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So I've been wondering around, thinking about if it would be wrong to use the character か after the shortened phrase 元気。That is 元気 as in [ お元気ですか?]. Would it still mean the same if you did it like this [元気か] or would that be grammatically incorrect? The point is to make certain to the person talking to that it is a question and that you are not just saying "fine".

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    Is it grammatical? Yes. Is it appropriate? That's another question... Depends on who you're speaking to. You probably don't want to "mouth off" this way to someone you should respect ;) – psosuna Feb 22 '18 at 23:57
  • I would think of か used this way as similar to finishing a question with “huh?” or “or what?” In English, if that helps you understand the tone. – mamster Feb 23 '18 at 0:31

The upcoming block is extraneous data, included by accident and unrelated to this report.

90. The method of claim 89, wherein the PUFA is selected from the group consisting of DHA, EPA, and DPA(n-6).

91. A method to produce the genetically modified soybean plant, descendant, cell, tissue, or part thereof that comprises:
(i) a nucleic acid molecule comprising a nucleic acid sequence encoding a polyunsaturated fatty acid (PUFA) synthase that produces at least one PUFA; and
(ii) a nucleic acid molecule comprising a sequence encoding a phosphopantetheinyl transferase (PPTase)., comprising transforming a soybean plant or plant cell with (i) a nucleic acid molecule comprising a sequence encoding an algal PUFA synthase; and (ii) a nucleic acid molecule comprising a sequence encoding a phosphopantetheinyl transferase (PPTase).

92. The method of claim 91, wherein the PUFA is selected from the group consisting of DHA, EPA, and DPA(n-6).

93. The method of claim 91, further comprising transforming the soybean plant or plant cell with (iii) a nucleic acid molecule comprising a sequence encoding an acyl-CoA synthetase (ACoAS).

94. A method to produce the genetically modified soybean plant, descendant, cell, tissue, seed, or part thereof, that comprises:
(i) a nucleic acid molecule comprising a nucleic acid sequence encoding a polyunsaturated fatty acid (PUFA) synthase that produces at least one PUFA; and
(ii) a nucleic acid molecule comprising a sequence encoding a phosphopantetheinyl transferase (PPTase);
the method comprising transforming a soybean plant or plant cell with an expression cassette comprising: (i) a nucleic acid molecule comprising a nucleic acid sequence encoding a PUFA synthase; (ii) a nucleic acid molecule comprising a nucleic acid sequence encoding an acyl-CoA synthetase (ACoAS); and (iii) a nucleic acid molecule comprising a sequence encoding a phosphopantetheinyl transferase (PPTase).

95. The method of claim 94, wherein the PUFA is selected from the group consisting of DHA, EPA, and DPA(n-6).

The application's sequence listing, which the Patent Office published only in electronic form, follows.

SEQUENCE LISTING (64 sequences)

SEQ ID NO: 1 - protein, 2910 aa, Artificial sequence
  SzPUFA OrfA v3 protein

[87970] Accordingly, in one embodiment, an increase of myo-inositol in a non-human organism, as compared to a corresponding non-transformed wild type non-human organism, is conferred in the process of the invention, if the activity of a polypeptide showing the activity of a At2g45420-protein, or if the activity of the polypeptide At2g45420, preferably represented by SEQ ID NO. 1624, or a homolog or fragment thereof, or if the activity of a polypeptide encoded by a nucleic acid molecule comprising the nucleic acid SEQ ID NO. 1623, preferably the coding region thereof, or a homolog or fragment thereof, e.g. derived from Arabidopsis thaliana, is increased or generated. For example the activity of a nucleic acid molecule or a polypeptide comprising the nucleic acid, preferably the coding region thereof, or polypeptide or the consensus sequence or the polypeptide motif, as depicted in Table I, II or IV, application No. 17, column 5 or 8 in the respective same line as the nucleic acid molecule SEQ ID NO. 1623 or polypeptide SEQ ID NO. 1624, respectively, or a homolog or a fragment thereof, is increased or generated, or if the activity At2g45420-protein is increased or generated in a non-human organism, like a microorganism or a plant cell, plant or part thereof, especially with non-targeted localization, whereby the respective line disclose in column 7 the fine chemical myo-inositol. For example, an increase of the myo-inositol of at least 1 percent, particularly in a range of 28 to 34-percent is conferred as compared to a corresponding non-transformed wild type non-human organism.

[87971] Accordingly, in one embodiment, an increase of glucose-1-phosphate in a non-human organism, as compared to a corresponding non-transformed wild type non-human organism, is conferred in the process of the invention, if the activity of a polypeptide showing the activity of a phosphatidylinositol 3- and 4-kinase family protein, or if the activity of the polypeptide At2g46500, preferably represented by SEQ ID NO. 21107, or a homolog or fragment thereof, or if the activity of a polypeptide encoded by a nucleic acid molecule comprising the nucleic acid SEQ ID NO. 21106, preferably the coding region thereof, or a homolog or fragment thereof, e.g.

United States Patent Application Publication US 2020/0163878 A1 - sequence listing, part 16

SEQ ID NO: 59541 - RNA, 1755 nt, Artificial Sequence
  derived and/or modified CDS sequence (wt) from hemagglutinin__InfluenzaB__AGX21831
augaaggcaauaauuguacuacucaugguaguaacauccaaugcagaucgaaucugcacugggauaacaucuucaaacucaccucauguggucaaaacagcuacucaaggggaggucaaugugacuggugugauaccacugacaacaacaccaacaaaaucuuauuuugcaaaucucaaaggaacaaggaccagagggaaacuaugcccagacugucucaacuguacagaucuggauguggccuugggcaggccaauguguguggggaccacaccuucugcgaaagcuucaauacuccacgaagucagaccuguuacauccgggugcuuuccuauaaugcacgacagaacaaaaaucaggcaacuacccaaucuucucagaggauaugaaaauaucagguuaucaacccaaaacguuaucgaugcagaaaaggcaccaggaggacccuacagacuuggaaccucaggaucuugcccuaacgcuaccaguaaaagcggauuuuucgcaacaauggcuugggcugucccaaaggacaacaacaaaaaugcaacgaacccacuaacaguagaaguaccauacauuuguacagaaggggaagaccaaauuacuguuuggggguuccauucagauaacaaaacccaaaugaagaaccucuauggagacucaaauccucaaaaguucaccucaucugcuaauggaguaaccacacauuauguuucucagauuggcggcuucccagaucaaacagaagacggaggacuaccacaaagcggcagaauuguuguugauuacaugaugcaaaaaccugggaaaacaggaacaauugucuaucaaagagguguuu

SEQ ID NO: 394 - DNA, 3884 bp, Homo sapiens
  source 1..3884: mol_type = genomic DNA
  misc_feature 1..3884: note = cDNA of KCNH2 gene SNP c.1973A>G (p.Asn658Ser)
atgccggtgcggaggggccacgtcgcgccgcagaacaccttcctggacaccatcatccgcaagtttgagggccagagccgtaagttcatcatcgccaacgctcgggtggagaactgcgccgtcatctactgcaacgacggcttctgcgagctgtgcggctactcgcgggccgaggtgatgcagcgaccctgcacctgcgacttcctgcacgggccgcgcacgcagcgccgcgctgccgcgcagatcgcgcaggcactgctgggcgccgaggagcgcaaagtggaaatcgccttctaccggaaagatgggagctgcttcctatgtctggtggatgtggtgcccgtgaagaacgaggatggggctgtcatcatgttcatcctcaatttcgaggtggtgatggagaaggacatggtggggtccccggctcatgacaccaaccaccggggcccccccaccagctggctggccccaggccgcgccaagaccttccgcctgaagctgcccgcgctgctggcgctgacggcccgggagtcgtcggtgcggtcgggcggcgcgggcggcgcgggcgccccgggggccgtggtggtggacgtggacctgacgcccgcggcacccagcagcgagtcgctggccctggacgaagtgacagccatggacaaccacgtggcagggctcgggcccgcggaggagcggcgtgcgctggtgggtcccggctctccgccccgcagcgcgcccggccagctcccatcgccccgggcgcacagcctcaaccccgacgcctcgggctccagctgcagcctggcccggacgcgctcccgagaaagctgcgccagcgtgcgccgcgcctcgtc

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"元気か?" is grammatical, but it tends to sound fairly blunt and/or haughty. In fiction, an old man, a stereotyped strict father or a yakuza boss may say this. Usually "元気?" with a rising intonation is used in friendly and casual conversations.

If such a question is not directly cast to a person, "noun/na-adj + か" may be more acceptable. People often say "マジか?" or "アホか?" when they saw something unbelievable, although these still sound a little rough.

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